In a whirlwind day that has implications for the Brexit process and the stability of the UK government, the Prime Minister’s leadership was indeed finally challenged culminating in a vote of all 317 Conservative Members of Parliament last night. The Prime Minister held on with 200 MPs supporting her and 117 against. According to the rules of the Conservative Party, the Prime Minister cannot be challenged again for 12 months (by her own MPs). However, the House of Commons itself is able to call a vote of no confidence at any time.
The opposition parties have not done so yet as it takes two-thirds of MPs to trigger a General Election under the UK’s Fixed Term Parliaments Act 2011. However, in a little noticed announcement yesterday morning, the House of Commons Public Administration and Constitutional Affairs Committee warned that any clear expression of no confidence by the House could topple Government (see link here) on the basis that if the House of Commons resolved (by whatever means) that it has no confidence in the current Government and that it cannot be recovered, the Prime Minister loses her authority to continue and must resign and leave office as soon as an alternative Prime Minster is available. That may very well be the position we are now in and we expect that this issue will start to get more attention over the coming days.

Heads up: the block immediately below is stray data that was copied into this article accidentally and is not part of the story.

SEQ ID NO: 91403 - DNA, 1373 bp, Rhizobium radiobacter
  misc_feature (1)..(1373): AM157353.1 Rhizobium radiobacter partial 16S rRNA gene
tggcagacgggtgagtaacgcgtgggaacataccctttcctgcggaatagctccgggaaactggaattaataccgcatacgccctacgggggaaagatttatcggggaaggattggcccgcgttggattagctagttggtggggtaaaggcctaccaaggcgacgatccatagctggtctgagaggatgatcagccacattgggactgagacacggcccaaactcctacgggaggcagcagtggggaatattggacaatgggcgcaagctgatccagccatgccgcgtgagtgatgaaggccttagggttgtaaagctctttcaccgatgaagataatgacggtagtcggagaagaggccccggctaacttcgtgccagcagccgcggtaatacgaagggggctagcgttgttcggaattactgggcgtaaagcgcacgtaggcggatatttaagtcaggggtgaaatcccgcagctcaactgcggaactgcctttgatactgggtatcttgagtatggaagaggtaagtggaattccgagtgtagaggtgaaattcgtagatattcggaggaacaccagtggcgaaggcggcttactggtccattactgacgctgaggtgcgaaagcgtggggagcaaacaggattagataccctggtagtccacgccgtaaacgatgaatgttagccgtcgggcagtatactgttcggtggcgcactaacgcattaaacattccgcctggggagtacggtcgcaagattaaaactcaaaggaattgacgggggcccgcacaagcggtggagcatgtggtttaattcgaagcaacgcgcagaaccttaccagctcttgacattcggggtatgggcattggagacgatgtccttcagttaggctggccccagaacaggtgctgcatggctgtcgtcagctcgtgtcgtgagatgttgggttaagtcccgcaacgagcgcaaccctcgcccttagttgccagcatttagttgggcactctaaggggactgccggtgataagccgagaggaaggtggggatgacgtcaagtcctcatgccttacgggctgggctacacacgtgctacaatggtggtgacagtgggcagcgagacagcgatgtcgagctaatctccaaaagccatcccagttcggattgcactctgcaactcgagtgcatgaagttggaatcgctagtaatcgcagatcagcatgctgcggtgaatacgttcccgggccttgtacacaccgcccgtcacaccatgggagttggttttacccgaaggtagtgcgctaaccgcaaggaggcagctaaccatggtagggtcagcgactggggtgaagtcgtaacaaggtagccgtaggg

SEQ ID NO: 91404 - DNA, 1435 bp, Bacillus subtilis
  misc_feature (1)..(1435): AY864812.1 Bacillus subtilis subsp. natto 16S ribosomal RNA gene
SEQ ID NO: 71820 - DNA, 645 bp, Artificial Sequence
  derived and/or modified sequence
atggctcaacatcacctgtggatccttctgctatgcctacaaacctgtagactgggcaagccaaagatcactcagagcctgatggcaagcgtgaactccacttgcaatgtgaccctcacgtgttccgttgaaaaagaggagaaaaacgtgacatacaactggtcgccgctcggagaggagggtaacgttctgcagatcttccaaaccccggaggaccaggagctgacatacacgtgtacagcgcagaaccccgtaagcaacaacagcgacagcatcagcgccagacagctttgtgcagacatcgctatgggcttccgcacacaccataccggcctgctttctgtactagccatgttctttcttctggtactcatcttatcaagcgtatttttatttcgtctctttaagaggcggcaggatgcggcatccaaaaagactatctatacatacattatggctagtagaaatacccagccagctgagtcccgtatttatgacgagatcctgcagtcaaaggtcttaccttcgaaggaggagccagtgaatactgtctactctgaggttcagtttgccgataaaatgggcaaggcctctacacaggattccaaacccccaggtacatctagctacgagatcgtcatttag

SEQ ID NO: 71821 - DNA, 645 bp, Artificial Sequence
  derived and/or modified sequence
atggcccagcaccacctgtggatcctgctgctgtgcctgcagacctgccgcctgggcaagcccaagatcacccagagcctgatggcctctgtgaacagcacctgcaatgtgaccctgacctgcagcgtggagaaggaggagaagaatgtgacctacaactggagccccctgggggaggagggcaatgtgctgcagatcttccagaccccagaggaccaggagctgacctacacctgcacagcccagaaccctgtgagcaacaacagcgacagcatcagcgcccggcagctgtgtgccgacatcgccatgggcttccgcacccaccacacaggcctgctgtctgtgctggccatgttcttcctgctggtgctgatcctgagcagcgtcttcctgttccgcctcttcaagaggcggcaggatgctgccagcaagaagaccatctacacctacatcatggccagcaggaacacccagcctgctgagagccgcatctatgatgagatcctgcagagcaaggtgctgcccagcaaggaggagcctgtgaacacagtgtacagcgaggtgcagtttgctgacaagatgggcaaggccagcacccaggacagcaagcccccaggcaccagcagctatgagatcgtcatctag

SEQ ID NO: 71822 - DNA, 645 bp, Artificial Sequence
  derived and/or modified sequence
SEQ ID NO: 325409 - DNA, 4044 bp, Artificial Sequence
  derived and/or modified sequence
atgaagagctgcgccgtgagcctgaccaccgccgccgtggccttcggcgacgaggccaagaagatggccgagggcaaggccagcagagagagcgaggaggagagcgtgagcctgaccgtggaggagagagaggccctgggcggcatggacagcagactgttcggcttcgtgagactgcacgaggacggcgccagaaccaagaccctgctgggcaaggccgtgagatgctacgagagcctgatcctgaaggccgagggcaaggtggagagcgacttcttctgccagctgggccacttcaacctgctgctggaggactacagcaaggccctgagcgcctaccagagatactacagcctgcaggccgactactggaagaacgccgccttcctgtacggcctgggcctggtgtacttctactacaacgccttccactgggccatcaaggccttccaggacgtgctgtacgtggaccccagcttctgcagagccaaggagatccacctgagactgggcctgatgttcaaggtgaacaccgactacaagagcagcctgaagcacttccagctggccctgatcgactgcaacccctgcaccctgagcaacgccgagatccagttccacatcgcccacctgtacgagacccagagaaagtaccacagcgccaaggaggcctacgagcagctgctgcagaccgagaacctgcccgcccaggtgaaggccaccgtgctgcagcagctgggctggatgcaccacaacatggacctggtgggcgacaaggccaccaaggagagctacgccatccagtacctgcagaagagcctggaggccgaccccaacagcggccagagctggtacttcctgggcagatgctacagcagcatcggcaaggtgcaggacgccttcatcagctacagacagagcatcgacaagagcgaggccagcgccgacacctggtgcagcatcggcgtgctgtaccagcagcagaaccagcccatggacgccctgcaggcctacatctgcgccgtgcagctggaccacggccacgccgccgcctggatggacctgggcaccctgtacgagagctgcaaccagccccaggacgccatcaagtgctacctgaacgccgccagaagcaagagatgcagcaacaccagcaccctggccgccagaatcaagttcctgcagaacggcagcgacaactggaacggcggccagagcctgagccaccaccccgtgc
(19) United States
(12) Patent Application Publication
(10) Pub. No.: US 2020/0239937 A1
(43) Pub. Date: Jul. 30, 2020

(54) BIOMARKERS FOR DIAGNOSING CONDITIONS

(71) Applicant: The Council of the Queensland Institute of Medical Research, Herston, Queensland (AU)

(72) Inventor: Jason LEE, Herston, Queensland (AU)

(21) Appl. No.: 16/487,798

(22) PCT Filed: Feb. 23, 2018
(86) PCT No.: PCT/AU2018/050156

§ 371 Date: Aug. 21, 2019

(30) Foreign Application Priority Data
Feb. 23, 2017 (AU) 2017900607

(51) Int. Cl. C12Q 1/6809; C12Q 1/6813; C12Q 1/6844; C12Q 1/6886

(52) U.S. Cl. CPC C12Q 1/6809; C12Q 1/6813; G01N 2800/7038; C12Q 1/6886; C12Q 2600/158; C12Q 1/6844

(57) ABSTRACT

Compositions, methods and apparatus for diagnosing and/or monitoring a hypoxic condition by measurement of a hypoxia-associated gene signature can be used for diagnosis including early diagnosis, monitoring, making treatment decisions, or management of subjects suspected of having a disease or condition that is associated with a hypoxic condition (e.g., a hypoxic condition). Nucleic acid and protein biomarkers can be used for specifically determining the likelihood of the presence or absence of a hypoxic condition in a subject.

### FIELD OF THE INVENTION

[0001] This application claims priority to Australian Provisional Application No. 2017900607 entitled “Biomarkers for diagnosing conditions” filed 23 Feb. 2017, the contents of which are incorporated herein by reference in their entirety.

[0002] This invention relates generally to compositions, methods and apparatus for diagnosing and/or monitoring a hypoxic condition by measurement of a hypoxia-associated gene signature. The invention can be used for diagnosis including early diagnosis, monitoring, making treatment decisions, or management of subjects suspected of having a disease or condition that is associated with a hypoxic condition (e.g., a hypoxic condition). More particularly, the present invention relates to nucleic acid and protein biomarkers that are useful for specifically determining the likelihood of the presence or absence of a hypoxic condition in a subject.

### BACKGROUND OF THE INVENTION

Yesterday, the Prime Minister publicly conceded that she will not lead the Conservatives into the next General election, which will further weaken her authority. It is hard to see how the EU Withdrawal Agreement, or any other option, will obtain majority support in Parliament. The most likely date for the deferred vote on the Withdrawal Agreement is during the third week of January 2019, but absent a significant change it is almost certain to be rejected. Equally, there do not appear to be sufficient numbers for a second referendum in the House and as such no-deal is looking like a very real outcome given that the UK’s Withdrawal Date is set by both Article 50 of the Treaty of Lisbon and Article 20 of the European Union (Withdrawal) Act 2018. Given this, all parties are escalating their no deal contingency planning. Firms that do cross-border trade with the EU or are reliant on EU inputs should be doing the same if they haven’t already done so.
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